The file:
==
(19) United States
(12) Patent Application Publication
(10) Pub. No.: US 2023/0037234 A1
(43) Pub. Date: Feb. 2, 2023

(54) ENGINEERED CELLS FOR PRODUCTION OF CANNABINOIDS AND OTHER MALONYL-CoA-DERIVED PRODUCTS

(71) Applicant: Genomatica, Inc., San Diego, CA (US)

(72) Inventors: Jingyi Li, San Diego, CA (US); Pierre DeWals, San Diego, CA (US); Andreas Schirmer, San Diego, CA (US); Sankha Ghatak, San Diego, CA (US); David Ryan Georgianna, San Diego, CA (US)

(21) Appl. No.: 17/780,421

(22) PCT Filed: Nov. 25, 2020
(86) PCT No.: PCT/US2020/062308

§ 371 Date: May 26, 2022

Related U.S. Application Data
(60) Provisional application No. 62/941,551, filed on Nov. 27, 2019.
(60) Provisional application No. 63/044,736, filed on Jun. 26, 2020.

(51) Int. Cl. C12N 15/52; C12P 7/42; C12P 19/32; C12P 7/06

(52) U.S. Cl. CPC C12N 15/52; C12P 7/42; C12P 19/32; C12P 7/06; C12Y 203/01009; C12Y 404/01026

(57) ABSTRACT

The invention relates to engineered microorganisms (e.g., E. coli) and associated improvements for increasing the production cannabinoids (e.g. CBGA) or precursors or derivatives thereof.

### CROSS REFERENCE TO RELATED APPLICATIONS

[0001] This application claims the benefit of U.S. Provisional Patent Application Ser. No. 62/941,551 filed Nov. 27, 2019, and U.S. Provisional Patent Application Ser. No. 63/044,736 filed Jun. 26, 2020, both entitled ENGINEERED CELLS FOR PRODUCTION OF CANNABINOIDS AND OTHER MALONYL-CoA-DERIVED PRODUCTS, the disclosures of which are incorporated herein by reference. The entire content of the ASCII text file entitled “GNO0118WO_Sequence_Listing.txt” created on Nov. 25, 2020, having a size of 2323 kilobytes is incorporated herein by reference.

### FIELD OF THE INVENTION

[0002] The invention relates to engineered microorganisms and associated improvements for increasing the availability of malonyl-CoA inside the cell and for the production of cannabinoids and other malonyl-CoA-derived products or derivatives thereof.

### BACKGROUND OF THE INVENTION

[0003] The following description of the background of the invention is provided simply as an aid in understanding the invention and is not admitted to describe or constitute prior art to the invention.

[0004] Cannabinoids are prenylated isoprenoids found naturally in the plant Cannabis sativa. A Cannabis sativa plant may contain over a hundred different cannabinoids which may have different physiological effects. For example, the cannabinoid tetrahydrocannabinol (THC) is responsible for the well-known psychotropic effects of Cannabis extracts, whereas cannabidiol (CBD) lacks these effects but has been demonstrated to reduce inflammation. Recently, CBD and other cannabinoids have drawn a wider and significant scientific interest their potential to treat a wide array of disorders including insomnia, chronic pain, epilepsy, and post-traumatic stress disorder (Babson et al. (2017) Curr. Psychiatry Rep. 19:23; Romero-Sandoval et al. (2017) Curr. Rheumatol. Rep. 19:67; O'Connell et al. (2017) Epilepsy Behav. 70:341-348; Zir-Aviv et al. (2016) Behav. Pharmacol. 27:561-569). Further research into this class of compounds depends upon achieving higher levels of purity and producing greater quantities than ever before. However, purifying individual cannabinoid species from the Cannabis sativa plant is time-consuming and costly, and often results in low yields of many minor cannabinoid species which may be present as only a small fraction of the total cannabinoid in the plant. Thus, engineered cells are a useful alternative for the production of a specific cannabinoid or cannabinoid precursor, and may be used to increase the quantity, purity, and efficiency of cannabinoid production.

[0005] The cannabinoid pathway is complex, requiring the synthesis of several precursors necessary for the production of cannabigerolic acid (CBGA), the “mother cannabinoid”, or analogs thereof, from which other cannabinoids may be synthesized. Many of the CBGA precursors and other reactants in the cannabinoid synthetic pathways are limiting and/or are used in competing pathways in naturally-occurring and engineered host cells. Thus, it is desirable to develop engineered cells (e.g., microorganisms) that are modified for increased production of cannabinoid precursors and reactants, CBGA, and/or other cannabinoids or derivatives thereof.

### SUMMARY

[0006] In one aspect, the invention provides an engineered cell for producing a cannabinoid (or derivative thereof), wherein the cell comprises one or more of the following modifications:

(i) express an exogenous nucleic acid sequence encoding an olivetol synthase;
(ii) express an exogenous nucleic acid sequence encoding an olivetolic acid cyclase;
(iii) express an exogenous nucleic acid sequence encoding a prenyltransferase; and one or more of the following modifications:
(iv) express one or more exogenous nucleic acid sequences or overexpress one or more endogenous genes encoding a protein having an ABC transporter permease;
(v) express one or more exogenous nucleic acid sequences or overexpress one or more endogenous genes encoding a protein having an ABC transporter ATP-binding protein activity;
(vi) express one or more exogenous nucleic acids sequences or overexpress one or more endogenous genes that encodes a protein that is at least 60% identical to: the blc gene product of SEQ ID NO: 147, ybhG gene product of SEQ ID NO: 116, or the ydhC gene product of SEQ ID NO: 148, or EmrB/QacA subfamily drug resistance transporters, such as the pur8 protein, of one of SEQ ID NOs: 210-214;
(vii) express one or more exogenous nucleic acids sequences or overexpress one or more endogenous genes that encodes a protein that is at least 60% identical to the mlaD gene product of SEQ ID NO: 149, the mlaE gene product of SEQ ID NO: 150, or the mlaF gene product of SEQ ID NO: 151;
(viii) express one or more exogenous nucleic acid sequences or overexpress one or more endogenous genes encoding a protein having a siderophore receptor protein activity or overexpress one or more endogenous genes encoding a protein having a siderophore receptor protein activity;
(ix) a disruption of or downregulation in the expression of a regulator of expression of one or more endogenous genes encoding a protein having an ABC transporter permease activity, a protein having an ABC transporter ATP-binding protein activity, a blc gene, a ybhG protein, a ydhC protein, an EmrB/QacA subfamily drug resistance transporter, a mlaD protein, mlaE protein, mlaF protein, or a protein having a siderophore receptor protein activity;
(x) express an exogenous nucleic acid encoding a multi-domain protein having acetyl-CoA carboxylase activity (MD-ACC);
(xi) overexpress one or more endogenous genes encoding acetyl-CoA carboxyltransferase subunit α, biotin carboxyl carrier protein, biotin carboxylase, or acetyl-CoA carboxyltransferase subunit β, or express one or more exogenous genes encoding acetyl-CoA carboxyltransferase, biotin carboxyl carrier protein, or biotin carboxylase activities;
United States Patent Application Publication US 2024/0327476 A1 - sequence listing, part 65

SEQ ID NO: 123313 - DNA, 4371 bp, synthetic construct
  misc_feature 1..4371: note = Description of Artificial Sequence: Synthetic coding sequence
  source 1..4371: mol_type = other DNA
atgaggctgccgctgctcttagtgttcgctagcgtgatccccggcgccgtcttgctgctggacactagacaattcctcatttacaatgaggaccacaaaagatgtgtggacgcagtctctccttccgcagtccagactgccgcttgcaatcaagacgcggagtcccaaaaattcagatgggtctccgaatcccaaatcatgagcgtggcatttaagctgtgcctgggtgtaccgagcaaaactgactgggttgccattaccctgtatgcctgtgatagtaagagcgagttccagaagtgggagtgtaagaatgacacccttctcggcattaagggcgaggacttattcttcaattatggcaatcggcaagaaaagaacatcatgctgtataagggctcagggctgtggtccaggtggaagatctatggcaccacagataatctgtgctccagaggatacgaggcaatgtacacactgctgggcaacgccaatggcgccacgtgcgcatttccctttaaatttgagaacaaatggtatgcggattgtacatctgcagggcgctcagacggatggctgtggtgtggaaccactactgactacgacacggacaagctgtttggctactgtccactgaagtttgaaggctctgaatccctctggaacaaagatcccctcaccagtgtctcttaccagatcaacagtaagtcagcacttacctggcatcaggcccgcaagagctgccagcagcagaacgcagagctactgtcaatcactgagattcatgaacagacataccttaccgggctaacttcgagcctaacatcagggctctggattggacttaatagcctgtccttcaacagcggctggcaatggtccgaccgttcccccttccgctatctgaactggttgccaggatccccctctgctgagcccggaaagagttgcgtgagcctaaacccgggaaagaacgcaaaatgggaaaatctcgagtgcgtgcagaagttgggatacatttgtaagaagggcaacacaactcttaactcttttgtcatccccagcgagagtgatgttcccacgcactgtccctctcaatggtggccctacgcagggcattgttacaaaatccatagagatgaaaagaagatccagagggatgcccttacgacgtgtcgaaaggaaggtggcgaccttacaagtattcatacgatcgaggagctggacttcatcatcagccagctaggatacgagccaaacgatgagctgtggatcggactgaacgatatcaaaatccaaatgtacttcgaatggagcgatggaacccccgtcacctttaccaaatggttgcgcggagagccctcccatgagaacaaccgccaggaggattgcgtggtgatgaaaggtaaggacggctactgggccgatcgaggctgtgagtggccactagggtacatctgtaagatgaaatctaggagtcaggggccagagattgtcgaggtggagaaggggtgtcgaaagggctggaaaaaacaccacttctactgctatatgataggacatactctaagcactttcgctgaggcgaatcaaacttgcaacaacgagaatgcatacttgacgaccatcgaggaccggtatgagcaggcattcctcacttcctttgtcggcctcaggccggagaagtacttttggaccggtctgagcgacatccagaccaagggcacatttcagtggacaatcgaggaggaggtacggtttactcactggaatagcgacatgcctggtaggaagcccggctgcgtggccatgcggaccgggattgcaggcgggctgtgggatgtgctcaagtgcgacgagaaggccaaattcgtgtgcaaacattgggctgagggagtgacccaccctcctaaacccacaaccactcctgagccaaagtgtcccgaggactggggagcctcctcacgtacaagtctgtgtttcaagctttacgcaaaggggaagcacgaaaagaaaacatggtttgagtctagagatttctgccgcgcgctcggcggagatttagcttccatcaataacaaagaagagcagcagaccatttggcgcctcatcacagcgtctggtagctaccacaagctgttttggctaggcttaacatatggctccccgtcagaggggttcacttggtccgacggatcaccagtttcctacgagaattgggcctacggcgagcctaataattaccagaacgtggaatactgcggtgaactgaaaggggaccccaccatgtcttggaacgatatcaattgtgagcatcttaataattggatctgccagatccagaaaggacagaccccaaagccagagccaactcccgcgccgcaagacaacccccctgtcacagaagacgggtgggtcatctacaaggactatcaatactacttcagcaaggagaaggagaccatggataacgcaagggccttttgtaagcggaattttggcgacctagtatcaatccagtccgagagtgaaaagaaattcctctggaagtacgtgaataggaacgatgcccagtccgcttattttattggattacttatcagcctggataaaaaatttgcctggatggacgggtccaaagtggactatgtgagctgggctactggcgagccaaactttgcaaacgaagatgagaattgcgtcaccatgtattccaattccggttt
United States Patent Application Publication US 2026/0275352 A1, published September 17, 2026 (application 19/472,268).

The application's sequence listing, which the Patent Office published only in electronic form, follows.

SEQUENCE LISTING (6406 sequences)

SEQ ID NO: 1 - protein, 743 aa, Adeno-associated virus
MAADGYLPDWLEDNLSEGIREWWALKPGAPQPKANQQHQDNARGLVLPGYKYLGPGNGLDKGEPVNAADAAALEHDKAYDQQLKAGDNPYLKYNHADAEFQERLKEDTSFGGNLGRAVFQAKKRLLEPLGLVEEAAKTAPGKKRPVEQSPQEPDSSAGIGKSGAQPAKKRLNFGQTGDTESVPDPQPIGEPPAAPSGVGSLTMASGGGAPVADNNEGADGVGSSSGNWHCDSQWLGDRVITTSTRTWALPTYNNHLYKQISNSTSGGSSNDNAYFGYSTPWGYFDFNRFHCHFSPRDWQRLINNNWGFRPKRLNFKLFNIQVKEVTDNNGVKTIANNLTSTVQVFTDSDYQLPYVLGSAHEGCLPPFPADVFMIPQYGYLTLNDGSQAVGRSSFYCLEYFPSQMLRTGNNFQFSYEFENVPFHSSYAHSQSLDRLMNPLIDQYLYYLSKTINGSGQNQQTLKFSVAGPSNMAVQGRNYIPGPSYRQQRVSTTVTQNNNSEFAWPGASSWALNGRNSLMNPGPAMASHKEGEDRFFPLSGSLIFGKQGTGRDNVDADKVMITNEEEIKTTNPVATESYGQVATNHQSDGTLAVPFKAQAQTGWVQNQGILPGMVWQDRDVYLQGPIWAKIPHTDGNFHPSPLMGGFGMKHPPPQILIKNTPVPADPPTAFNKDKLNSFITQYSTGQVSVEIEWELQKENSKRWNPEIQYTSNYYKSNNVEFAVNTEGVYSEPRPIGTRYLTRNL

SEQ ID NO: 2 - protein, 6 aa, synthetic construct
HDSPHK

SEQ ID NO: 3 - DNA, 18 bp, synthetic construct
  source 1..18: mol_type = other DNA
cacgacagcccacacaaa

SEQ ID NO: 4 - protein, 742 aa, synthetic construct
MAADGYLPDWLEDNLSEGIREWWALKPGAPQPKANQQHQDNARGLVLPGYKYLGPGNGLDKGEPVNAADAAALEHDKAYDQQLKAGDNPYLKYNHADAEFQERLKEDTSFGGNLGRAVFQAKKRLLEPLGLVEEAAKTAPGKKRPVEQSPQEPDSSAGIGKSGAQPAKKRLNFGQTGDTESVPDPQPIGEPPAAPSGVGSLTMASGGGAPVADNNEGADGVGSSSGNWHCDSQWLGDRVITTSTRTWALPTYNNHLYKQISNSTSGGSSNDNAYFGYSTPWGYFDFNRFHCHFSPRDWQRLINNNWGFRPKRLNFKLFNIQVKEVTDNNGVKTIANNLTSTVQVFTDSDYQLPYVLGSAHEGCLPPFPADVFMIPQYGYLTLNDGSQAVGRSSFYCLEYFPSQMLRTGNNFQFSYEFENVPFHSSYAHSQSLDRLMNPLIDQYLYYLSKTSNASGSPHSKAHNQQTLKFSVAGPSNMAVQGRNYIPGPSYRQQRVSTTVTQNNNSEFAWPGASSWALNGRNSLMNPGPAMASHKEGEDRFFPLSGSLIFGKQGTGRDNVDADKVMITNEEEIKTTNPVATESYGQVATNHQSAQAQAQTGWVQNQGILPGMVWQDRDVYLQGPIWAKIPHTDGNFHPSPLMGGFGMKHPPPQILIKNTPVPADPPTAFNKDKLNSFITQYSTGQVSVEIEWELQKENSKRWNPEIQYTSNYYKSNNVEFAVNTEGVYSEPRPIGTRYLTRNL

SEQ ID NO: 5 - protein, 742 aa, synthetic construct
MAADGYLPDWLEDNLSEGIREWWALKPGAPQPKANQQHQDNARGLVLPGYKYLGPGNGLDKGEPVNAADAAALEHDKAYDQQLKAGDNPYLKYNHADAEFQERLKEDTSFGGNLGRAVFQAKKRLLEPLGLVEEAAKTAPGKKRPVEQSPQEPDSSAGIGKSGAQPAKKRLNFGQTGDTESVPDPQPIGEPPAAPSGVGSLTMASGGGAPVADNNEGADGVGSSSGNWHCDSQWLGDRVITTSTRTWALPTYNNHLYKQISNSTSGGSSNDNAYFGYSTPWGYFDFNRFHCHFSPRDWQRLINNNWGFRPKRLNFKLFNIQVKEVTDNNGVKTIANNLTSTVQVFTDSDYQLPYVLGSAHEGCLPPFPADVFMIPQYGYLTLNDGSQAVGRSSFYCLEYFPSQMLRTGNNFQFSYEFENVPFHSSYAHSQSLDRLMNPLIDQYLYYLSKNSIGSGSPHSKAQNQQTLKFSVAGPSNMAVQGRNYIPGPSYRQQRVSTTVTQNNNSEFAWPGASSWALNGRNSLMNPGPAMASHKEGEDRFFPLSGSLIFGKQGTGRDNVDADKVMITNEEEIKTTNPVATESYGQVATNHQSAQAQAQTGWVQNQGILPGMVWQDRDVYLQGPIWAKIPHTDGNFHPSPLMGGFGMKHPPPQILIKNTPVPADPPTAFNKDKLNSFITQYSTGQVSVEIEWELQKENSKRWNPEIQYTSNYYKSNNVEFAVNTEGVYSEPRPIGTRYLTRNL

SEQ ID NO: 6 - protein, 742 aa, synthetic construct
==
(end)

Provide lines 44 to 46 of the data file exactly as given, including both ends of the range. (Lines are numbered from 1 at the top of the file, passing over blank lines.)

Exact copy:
atgaggctgccgctgctcttagtgttcgctagcgtgatccccggcgccgtcttgctgctggacactagacaattcctcatttacaatgaggaccacaaaagatgtgtggacgcagtctctccttccgcagtccagactgccgcttgcaatcaagacgcggagtcccaaaaattcagatgggtctccgaatcccaaatcatgagcgtggcatttaagctgtgcctgggtgtaccgagcaaaactgactgggttgccattaccctgtatgcctgtgatagtaagagcgagttccagaagtgggagtgtaagaatgacacccttctcggcattaagggcgaggacttattcttcaattatggcaatcggcaagaaaagaacatcatgctgtataagggctcagggctgtggtccaggtggaagatctatggcaccacagataatctgtgctccagaggatacgaggcaatgtacacactgctgggcaacgccaatggcgccacgtgcgcatttccctttaaatttgagaacaaatggtatgcggattgtacatctgcagggcgctcagacggatggctgtggtgtggaaccactactgactacgacacggacaagctgtttggctactgtccactgaagtttgaaggctctgaatccctctggaacaaagatcccctcaccagtgtctcttaccagatcaacagtaagtcagcacttacctggcatcaggcccgcaagagctgccagcagcagaacgcagagctactgtcaatcactgagattcatgaacagacataccttaccgggctaacttcgagcctaacatcagggctctggattggacttaatagcctgtccttcaacagcggctggcaatggtccgaccgttcccccttccgctatctgaactggttgccaggatccccctctgctgagcccggaaagagttgcgtgagcctaaacccgggaaagaacgcaaaatgggaaaatctcgagtgcgtgcagaagttgggatacatttgtaagaagggcaacacaactcttaactcttttgtcatccccagcgagagtgatgttcccacgcactgtccctctcaatggtggccctacgcagggcattgttacaaaatccatagagatgaaaagaagatccagagggatgcccttacgacgtgtcgaaaggaaggtggcgaccttacaagtattcatacgatcgaggagctggacttcatcatcagccagctaggatacgagccaaacgatgagctgtggatcggactgaacgatatcaaaatccaaatgtacttcgaatggagcgatggaacccccgtcacctttaccaaatggttgcgcggagagccctcccatgagaacaaccgccaggaggattgcgtggtgatgaaaggtaaggacggctactgggccgatcgaggctgtgagtggccactagggtacatctgtaagatgaaatctaggagtcaggggccagagattgtcgaggtggagaaggggtgtcgaaagggctggaaaaaacaccacttctactgctatatgataggacatactctaagcactttcgctgaggcgaatcaaacttgcaacaacgagaatgcatacttgacgaccatcgaggaccggtatgagcaggcattcctcacttcctttgtcggcctcaggccggagaagtacttttggaccggtctgagcgacatccagaccaagggcacatttcagtggacaatcgaggaggaggtacggtttactcactggaatagcgacatgcctggtaggaagcccggctgcgtggccatgcggaccgggattgcaggcgggctgtgggatgtgctcaagtgcgacgagaaggccaaattcgtgtgcaaacattgggctgagggagtgacccaccctcctaaacccacaaccactcctgagccaaagtgtcccgaggactggggagcctcctcacgtacaagtctgtgtttcaagctttacgcaaaggggaagcacgaaaagaaaacatggtttgagtctagagatttctgccgcgcgctcggcggagatttagcttccatcaataacaaagaagagcagcagaccatttggcgcctcatcacagcgtctggtagctaccacaagctgttttggctaggcttaacatatggctccccgtcagaggggttcacttggtccgacggatcaccagtttcctacgagaattgggcctacggcgagcctaataattaccagaacgtggaatactgcggtgaactgaaaggggaccccaccatgtcttggaacgatatcaattgtgagcatcttaataattggatctgccagatccagaaaggacagaccccaaagccagagccaactcccgcgccgcaagacaacccccctgtcacagaagacgggtgggtcatctacaaggactatcaatactacttcagcaaggagaaggagaccatggataacgcaagggccttttgtaagcggaattttggcgacctagtatcaatccagtccgagagtgaaaagaaattcctctggaagtacgtgaataggaacgatgcccagtccgcttattttattggattacttatcagcctggataaaaaatttgcctggatggacgggtccaaagtggactatgtgagctgggctactggcgagccaaactttgcaaacgaagatgagaattgcgtcaccatgtattccaattccggttt
United States Patent Application Publication US 2026/0275352 A1, published September 17, 2026 (application 19/472,268).

The application's sequence listing, which the Patent Office published only in electronic form, follows.